The RP is by no means an out of the box “perfect” pistol. It does, however, have all the makings to check a variety of practical boxes. The PVD (Physical Vapor Deposition) coated slide makes for a sleek look with extra durability throughout the pistols lifespan. The PVD material adheres to the stainless-steel slide and barrel for an extra durable barrier between the elements and critical parts of the pistol. PVD has proven to be significantly lighter and stronger than other coatings and turns the re coating of common ceramics and phosphating into a thing of the past. Throughout our testing of the RP9, we consistently drew and holstered the pistol. The hard bolteron thermoplastic rig from HTC did not leave wear or marks on the slide and carbon build up, wiped off effortlessly, so maintaining the RP9 is easy and doesn’t require a whole lot of work to keep clean.

With an ambidextrous slide lock/release, those who are wrong handed shooters will enjoy easy slide manipulation. Coming from an instructor background, watching a lefty fumble around with a striker pistol that does not offer ambi controls for the first time is invigorating by the unequivocal stretching of nerves. By proxy, the muzzle of the pistol swings around which commonly results in grabbing the gun to ensure the muzzle stays pointing in a direction where no one would be ventilated should it discharge. The RP has a little something for everyone!

Aside from its grip, slide coatings and trigger, another check in the proverbial box for the RP9 is the contour and shape of the slide. At its base, the RP9’s slide is of “standard” width of 1.2 inches and tapers to .80 at the sight bases. Once you get your hands on the RP9, you will be drawn to the front of the slide where Remington cut contouring angles and that can aid in comfort when wearing the RP9 in a concealed capacity. We often found ourselves using the contours and ample cocking serrations for press checking and manipulating the slide throughout live shooting.

A beveled slide gives the RP a slim profile with added comfort for concealed carry applications

Remington developed a front and rear sight combo for the RP series that we had no issues finding while shooting. Both sights are drift adjustable to their end user preference. The standard 3-dot design proved to be effective at 3 and 25 meters.

Remington designed the rear sight to catch on the edge of gear to complete the cycle of operations during disabled shooter scenarios

One of our first questions when speaking with the guys at Remington had to do with night sights. We could confirm that there will be an option for aftermarket or factory installed night sights and that Remington continues to work with reputable companies to make it happen! For the time being the single dot front sight post and fighting surface rear [2 dots] configuration is adequate in acquiring sights and conducting disabled shooter drills.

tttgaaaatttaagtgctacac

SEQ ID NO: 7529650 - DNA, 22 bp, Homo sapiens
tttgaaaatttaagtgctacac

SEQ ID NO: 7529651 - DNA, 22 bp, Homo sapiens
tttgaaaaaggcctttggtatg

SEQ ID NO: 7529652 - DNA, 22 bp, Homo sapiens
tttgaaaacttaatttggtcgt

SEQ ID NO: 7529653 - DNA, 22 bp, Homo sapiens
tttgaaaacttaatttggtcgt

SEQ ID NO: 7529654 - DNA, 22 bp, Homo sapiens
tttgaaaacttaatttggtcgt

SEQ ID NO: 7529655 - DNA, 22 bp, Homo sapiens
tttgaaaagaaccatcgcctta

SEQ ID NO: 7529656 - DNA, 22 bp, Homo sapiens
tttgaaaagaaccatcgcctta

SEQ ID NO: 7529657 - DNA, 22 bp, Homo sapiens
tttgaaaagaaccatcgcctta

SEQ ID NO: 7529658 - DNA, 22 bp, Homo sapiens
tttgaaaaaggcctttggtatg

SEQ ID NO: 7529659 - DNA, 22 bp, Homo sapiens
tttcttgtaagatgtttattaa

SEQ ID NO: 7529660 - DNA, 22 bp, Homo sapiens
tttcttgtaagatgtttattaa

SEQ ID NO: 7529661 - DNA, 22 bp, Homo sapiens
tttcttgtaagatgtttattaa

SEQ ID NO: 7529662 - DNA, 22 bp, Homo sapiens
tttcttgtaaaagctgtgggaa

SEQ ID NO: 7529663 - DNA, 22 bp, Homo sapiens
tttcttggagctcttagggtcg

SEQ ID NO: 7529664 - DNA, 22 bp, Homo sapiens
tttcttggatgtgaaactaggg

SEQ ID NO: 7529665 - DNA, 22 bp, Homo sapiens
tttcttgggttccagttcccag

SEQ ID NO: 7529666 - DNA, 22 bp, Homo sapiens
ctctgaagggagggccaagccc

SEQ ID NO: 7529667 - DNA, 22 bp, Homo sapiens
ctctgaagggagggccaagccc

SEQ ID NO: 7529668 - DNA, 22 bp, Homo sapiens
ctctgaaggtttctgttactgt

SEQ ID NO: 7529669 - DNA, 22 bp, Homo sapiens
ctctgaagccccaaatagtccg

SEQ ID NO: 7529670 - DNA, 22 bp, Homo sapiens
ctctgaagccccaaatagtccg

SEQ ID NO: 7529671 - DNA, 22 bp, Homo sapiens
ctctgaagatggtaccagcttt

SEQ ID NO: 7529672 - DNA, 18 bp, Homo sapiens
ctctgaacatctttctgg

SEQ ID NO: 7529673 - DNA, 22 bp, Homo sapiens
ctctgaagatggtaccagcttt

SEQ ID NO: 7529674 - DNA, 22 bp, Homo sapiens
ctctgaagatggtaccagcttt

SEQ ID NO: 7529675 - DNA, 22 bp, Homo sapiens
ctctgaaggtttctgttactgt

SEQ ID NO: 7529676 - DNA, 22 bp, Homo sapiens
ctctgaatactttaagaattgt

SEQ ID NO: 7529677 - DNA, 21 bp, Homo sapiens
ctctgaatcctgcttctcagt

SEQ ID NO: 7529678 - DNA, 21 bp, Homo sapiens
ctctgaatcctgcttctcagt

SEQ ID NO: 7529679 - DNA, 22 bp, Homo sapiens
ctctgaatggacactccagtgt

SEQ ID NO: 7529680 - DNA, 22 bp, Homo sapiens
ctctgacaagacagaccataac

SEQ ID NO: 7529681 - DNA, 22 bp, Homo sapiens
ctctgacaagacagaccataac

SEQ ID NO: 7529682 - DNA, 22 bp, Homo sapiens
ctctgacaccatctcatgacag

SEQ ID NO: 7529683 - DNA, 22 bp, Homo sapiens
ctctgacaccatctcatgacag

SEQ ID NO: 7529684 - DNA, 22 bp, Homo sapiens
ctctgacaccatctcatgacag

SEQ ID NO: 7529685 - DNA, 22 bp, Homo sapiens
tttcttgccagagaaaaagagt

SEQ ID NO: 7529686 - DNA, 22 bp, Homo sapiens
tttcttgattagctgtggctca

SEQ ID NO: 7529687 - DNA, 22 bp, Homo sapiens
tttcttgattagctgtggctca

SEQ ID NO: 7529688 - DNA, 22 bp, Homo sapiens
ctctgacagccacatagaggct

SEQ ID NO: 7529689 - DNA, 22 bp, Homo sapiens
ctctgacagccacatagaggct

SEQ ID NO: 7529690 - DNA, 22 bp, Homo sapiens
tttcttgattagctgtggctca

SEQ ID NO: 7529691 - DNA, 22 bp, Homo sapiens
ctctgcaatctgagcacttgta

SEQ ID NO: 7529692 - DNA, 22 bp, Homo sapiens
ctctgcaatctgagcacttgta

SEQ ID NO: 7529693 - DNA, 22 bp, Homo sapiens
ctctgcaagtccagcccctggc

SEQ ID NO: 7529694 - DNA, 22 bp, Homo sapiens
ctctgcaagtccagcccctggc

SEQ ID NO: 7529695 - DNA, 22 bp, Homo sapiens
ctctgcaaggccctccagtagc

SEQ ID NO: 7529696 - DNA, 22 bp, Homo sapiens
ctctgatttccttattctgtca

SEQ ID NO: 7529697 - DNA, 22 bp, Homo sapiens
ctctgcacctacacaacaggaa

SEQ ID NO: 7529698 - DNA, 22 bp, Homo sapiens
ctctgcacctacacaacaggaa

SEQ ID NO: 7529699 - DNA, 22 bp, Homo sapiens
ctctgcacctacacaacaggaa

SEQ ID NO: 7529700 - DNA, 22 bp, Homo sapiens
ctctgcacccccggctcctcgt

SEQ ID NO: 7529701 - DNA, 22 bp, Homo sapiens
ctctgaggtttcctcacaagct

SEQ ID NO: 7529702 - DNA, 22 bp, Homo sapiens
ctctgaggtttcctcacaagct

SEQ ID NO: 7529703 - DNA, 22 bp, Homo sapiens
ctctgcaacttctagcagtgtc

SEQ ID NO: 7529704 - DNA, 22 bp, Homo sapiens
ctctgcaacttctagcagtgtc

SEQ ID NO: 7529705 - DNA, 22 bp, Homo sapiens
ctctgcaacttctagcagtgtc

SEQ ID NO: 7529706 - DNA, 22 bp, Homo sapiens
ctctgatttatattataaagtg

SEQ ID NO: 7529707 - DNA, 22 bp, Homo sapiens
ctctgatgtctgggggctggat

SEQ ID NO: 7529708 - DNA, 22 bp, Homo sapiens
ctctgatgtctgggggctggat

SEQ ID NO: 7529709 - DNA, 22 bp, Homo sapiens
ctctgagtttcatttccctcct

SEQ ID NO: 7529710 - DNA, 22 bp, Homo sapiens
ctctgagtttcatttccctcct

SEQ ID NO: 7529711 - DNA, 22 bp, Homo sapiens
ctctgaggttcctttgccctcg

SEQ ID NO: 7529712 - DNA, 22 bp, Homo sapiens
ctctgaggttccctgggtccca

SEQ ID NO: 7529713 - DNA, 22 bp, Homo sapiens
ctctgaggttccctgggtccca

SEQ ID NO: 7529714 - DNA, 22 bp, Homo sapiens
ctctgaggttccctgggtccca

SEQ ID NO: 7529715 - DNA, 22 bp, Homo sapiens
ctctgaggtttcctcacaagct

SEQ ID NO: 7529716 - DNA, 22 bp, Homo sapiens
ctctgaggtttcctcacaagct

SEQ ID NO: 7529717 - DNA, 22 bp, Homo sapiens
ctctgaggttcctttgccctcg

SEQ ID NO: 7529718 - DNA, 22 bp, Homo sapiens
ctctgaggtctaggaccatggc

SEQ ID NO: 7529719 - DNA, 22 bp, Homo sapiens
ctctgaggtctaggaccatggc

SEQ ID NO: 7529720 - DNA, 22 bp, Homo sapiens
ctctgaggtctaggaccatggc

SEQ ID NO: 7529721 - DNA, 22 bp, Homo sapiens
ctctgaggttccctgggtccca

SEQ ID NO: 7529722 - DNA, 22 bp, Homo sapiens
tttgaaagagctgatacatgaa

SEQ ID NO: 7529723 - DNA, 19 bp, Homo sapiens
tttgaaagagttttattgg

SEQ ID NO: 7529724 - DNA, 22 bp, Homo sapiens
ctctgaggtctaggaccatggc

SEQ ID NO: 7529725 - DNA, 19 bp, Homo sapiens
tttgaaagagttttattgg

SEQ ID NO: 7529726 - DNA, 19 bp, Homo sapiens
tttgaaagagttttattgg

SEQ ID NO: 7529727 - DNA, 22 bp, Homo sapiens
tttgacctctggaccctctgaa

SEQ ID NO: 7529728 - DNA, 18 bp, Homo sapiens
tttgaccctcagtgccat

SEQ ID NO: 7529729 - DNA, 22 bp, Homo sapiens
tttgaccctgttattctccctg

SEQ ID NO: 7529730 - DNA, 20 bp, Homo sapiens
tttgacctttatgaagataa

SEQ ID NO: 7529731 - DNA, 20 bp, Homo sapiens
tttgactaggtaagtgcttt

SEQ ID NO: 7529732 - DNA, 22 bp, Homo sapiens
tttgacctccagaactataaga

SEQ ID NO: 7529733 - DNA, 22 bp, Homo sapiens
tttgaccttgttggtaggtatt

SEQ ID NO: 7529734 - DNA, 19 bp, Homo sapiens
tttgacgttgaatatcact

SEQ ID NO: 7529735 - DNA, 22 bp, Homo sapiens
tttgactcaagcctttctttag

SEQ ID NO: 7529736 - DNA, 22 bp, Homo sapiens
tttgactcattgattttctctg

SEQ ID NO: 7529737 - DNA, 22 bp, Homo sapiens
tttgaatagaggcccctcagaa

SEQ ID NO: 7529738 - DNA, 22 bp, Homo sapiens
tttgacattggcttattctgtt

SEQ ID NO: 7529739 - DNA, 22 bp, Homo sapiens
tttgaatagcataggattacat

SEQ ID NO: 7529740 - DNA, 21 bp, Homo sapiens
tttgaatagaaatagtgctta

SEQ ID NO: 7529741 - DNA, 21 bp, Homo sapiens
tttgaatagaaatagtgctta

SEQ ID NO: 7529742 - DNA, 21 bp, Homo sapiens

Last and certainly not least, come the RP’s magazines. It seems these days, manufacturers are toeing the waters of how many bullets can they fit into a single mag. For us military guys…As we say in the “biz”, “how many people can we fit into an evacuation vehicle”? There’s always room for one more.

 

 

 

 The RP9 magazine capacity holds 18 plus one in the chamber. Unless you live in a communist state where the law makers think that you are less lethal with 10 rounds in a magazine from the factory, Remington ships the RP9 with enough magazine space to house almost an entire box of ammo with both included. Convenient for gun fighting…the magazines proved to be even more convenient when at the range. Less time at the loading table and more time pinging steel!

The RP9 hosts 18 rounds in each magazine with 1 in the pipe

Follow Through

Though Remington is known for many things, up to this year, being a contender in the polymer pistol space was not one of them. The RP9’s release seemed to have given Big Green the boost that they were after. Introducing a very reliable striker fired pistol with a mid-range price point was exactly what Remington had envisioned some time ago and finally made it a reality!

Our initial outing with the RP9 was positive. Up to this point, I personally gauge striker pistols from the model that I carry for daily use in Afghanistan. It was a breath of fresh air not having to compare the RP9.  The pistol is adequate in our range needs and one that we would have complete confidence in as a home defense or daily carry if our preference was to carry a full-sized pistol. We understand that for some; carrying full sized is the only option. If so, and you have not yet gotten a closer look at the RP, check it out, it may be what you need for your EDC.

Only time will tell if other facets will be added to the platform. Mike explained that out of the gate, the RP line was not intended for a specific demographic.

“It is simply an adequately priced striker fired pistol that Remington felt was a great addition to the line”.

Who knows if there will be a threaded barrel option, or a trigger tweak available. One thing that is certain with Remington; they keep their fingers on the pulse of the industry quite religiously so if it can be done, we are certain its being looked at.

 

RP9 Vital Data
Type Semi-Automatic/Striker Fired
Caliber 9mm
Magazine Capacity 18+1
Barrel 4.5” Stainless Steel PVD
Overall Length 8”
Width 1.39”
Weight 1lb 11 oz (unloaded)
Finish UVD Coated
Sights 3 Dot, Drift adjustment
Trigger Weight 6lb Tested
MSRP $489.00
Manufacturer Remington Arms Company

 

Remington RP9 Accuracy Results
Load Weight Best Worst Average
Hornady Critical Duty 115 gr .49 2.31 1.31
Remington JHP 115gr .78 2.31 1.5
Remington Ultimate Defense 124 gr .99 1.97 1.4

 

 

 


About This Author

Scott Lambin

Scott is the founder of The BrassTacs digital publications. He is a veteran of the US Marines and has numerous deployments in support of the GWOT. Scott brings 17 years of experience to the publication. Focusing on practical application with all firearms. Scott focuses on hard end use, training and pistol and carbine perspective content.